Tuesday 3rd. August 2021
Stanhill SD 724 280 203m
Small Shaw Height SD 860 248 409m
Standing Stone Hill SD 951 303 398m
Bride Stones SD 932 267 437m
It is a problem finding somewhere to rest or stop to refresh on walks. I have plodded miles vowing to stop at the next place I may find to sit in reasonable comfort. If I sit down on the grass I find it difficult to get back up with my two bionic knees and in any case it is not comfortable.
I bought a folding chair. Today it was tested.
Weighing in at 1.1kg that extra weight is worth it for me on day walks. For multi day backpacking I think it would have to be left out especially if a tent etc. was also being carried. It is easy to assemble - the tubings are interconnected with shot cord and it self-snaps into shape, you then attach the fabric at four points. It seems to be well made but being lightweight it will need to be handled with care and it remains to be seen how durable it is, but I used it twice today with no problem and I am looking forward to more comfortable munchy stops in future.
I was continuing my campaign to visit all 76 trig points on OS sheet 1:25 Blackburn and Burnley. Where I can group a number together to make a circular walk so be it but others that are isolated and those not too far from the road can be accessed by driving in between so I was able to visit these four today with a fair bit of driving.
Stanhill was in the middle of a field adjacent to a public footpath. There was a gate with a "Private - keep out" sign but the it was just a grass field with no crop and I sneaked through. Views of the surrounding Pennine Hills and industrialised Lancashire in the valleys made the visit worthwhile. I was there and back in less than hour.
A tedious drive took me to a very minor road with a track leading off into the moors for Small Shaw Height. A decent path through sheep pasture was followed by a section of reeds and marsh. The trig had an isolated atmosphere overgrown with high reeds and I guessed this remote spot is rarely visited. I set up the chair and had a coffee from my flask and then a local guy came by with two dogs on his daily walk - he said he was surprised to meet somebody here.
Back at the car I continued down the lane which became steep and overgrown with rosebay willow herb which I ploughed through with that shrubbery obscuring my windscreen every so often. There were also cobbled drainage channels diagonally every fifty yards and I had to take care with the car as the road descended ever more steeply. I was glad not to meet anybody coming the other way.
The sat nav took me to the start for Standing Stone Hill by another suspense filled narrow road climbing and descending with hairpin bends and no passing places. At Colden there is a farm shop and I asked permission to park and sat in the sunshine on the wall with a coffee. Here I met an elderly guy with his daughter three days out on the Pennine Way and another know-it-all guy anxious to let us know of his walking and climbing achievements (sounds a bit like me). This cul-de-sac road carries the Pennine Bridleway. I planned to walk to the end of the tarmac and then take a path to my trig but I found an inviting lane branching off the road leading more directly to my trig. I met a chap metal detecting and we chatted - I had to ask the obvious question, "have you found anything" the reply was negative and we parted as he continued in the hope of finding his golden hoard.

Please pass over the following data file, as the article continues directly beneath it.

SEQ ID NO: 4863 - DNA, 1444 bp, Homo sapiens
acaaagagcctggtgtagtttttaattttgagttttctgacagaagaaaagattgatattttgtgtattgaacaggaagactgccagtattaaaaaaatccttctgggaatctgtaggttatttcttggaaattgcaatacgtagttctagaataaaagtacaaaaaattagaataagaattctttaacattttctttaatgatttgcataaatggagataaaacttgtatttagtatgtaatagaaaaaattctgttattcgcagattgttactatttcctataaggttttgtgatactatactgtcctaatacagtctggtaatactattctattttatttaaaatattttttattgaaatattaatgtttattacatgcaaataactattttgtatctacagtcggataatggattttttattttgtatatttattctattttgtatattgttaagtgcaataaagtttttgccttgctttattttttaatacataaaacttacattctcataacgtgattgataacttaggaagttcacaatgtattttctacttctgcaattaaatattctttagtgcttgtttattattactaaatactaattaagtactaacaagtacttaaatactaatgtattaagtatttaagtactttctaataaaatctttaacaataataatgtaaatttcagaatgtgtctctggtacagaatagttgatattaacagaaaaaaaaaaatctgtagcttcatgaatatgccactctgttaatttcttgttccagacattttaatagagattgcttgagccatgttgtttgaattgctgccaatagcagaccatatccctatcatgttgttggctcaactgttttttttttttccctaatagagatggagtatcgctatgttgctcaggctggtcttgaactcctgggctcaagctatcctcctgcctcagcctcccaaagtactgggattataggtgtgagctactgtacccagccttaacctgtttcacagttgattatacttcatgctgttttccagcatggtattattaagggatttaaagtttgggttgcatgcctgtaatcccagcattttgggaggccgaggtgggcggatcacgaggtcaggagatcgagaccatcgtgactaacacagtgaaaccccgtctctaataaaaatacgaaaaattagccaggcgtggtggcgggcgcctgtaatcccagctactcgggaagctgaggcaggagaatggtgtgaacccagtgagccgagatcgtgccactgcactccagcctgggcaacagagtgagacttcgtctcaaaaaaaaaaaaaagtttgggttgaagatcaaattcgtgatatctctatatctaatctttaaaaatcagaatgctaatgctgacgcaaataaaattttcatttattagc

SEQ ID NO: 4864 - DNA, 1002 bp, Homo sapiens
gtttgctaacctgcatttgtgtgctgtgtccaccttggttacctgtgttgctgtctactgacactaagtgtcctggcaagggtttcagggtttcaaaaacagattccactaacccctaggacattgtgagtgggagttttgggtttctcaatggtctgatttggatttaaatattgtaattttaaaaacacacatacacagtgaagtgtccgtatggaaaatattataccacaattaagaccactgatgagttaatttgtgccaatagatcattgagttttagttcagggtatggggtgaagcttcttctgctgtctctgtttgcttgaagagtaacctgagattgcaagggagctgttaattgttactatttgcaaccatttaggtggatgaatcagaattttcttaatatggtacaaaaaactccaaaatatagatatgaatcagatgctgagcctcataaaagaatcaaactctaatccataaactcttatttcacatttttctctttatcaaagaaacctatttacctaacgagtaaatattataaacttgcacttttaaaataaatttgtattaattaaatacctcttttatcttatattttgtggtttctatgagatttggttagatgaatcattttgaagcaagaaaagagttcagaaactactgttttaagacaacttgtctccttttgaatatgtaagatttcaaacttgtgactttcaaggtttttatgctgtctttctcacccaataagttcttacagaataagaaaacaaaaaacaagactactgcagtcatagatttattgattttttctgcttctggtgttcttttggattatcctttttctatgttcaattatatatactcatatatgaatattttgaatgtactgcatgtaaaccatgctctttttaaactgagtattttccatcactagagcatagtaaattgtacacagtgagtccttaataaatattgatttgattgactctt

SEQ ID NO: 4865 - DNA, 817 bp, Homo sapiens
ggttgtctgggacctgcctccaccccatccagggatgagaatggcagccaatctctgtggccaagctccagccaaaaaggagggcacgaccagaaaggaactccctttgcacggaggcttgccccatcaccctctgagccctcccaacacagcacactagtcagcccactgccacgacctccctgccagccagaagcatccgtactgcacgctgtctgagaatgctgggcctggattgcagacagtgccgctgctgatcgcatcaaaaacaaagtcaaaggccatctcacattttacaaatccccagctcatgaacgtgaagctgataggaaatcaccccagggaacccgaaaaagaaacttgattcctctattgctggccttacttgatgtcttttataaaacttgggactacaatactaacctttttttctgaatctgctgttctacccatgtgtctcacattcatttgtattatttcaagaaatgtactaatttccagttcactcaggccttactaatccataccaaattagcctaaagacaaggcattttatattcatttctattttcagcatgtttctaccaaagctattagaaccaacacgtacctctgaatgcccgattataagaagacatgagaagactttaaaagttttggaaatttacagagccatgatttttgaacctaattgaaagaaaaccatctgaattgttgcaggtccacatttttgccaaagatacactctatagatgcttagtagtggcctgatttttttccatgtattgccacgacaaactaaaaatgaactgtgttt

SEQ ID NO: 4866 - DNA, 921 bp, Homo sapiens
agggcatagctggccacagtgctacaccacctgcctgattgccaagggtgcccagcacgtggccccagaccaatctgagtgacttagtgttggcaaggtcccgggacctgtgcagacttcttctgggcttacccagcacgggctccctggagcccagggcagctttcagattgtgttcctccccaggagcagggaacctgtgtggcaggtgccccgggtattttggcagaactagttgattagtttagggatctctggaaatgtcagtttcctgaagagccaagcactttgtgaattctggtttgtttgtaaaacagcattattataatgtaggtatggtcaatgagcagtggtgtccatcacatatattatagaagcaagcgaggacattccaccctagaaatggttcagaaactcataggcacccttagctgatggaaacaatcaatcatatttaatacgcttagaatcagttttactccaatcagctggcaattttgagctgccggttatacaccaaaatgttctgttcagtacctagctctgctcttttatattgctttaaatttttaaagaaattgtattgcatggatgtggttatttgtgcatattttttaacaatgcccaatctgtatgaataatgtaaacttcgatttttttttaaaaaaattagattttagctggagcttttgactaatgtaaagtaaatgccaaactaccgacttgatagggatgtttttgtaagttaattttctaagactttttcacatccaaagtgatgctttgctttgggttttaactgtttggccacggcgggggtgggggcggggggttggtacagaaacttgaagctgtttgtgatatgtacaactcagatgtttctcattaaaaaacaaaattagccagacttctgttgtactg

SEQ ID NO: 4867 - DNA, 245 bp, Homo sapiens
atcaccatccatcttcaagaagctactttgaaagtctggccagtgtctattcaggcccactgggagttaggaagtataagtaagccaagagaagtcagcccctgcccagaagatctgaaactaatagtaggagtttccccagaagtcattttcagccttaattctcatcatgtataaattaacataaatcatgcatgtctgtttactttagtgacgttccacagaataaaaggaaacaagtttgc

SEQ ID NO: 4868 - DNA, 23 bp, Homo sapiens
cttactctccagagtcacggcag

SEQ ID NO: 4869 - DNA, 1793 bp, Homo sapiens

The trig was surrounded by a mind blowing extensive expanse of Pennine moorland with ranges of hills at all points of the compass one after another fading to ever lighter colours. The chair was deployed. One likely outcome of my new luxury is that my lunch stops may be much longer in future.
I carried on to the east to pick up the Pennine Way proper. A quarter mile stretch across some marshy terrain was paved with those huge flag pavings taken it would seem from the old mills. I was once again impressed by the quality of the walking on the Pennine Way which I find myself encountering again in various locations since I walked it back in 1987. I branched off the PW to descend steeply back down to the farm shop on the Pennine Bridleway meeting another Pennine Way venturer heading north for Ickornshaw - made me feel quite envious. A short drive followed to investigate Bride Stones. There is a bonus in having a trig point or similar project when it takes you to places that are unexpectedly rewarding and so much the better for being discovered for oneself rather than being told about them by others. Bride Stones proved to be a fascinating gritstone edge with the trig plonked on top of weird looking lumps of gritstone looking like so many Tele Tubbies mingled with other bizarre shapes. At one time Ordnance survey allowed people to "adopt" their trigs - from what I have seen not many were so adopted but I always look and here I was rewarded - see photo below.I was able to take a circular route to observe most of what was on offer here
All four of these trigs were worth visits in their own right. The chair, as far as it goes, was a success, so all in all 'twas a good day out in the summer sunshine.
|Stanhill trig. Quite pleased with this photo.|
|A complex bit of walling - note the wooden wedge holding the chain|
|The start of the track into the wilds for Small Shaw Height|
|Sheep pasture to start with then...|
|Lonely wild and atmospheric Small Shaw Height succumbing to the reeds|
|Battling through the rosebay.|
|Seen on the Pennine Bridleway near the farm shop just out of Colden|
|The alternative lane and track leading more directly to Standing Stone Hill|
|Pennine Way millstones. I don't think they were there in 1987 when I came from the other direction|
|Zoom to Stoodley Pike|
|Pennine Way = green diamonds|